Malicious email campaign distributing Dridex banking trojan unearthed by researchers

Security researchers have uncovered a malicious email campaign that distributed the Dridex banking trojan using phishing emails and by using compromised FTP sites instead of HTTP links.

The email campaign to distribute the Dridex banking trojan targeted users located in France, the UK, and Australia and used FTP sites that were already compromised by the Necurs campaign.

The Dridex banking trojan is frequently used by hackers to target banking software, back-end payment and point-of-sale software. Even though hackers are now preferring crypto-ransomware, the trojan is still being developed by some to make it even more dangerous and stealthy. Its involvement in the recent email campaign makes it clear that it continues to be a weapon of choice for some hackers.

According to researchers at Forcepoint who uncovered the campaign, it began on 17th January and remained active for seven hours, targeting .COM top-level domains (TLDs) in France, the UK, and Australia. Hackers behind the operations used compromised domains to send phishing emails to targeted individuals.

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Once the Dridex banking trojan infiltrates a system, it collects information like the user's computer name, username, installation date of the operating system, operation system version, and a list of installed software and sends the information to a C&C server.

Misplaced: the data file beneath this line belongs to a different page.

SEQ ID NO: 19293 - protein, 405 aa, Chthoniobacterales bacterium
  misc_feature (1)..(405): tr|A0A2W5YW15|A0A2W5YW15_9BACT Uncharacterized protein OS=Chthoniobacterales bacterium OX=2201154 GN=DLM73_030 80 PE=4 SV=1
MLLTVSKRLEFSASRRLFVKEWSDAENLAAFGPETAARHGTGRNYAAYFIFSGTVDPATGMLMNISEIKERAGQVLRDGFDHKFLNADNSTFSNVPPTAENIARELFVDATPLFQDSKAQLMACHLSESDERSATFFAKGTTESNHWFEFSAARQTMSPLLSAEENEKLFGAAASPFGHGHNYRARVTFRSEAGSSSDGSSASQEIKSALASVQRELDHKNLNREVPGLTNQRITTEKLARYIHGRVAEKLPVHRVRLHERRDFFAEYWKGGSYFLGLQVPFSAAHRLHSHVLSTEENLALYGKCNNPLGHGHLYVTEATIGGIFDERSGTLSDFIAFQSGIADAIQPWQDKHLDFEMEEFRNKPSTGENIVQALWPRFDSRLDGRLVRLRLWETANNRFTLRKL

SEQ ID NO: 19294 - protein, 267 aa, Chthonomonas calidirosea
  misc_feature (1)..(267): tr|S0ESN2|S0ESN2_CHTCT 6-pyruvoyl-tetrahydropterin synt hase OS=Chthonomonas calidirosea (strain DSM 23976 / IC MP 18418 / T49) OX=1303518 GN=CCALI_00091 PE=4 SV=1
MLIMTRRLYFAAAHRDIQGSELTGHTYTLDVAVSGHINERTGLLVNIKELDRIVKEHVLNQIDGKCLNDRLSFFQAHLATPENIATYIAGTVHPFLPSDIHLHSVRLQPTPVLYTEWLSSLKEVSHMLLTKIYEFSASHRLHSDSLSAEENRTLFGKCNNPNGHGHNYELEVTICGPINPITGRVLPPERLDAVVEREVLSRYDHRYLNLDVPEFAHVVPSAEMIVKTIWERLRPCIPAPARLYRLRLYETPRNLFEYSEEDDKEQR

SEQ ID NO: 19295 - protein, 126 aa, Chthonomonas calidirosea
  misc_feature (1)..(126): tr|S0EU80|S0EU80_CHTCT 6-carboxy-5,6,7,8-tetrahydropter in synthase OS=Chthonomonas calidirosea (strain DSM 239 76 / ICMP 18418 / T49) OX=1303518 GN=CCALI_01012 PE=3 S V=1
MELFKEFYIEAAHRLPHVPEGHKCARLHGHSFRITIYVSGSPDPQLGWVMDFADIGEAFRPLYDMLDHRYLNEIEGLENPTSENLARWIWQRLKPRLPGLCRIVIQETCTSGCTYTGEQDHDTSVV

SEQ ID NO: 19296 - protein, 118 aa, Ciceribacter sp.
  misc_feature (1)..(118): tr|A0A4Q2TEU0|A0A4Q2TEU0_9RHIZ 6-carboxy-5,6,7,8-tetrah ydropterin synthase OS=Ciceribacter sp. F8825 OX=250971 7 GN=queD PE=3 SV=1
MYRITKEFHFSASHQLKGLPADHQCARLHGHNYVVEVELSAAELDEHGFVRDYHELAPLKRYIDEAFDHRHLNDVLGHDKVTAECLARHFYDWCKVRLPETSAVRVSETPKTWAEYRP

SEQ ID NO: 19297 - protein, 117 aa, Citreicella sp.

Hackers behind the operation also blacklisted machines based on usernames and operating system installation dates, making it difficult for automated analysis systems to find and block the appropriate IPs, obtain the core module and list of peers.

'The perpetrators of the campaign do not appear to be worried about exposing the credentials of the FTP sites they abuse, potentially exposing the already-compromised sites to further abuse by other groups. This may suggest that the attackers have an abundant supply of compromised accounts and therefore view these assets as disposable,' they noted.

Unlike usual phishing campaigns, hackers behind the current campaign used FTP sites instead of malicious HTTP links to download the Dridex banking trojan to targeted devices. However, unlike existing campaigns like Necurs that targeted millions of users, researchers described the size of the new campaign as 'average', adding that 'the reason for this remains something of a mystery'.

To ensure that their systems are not compromised by the trojan, researchers are now asking users remain cautious and vigilant when opening e-mails containing attachments or links, and to ensure that Microsoft Office macros are disabled whenever possible.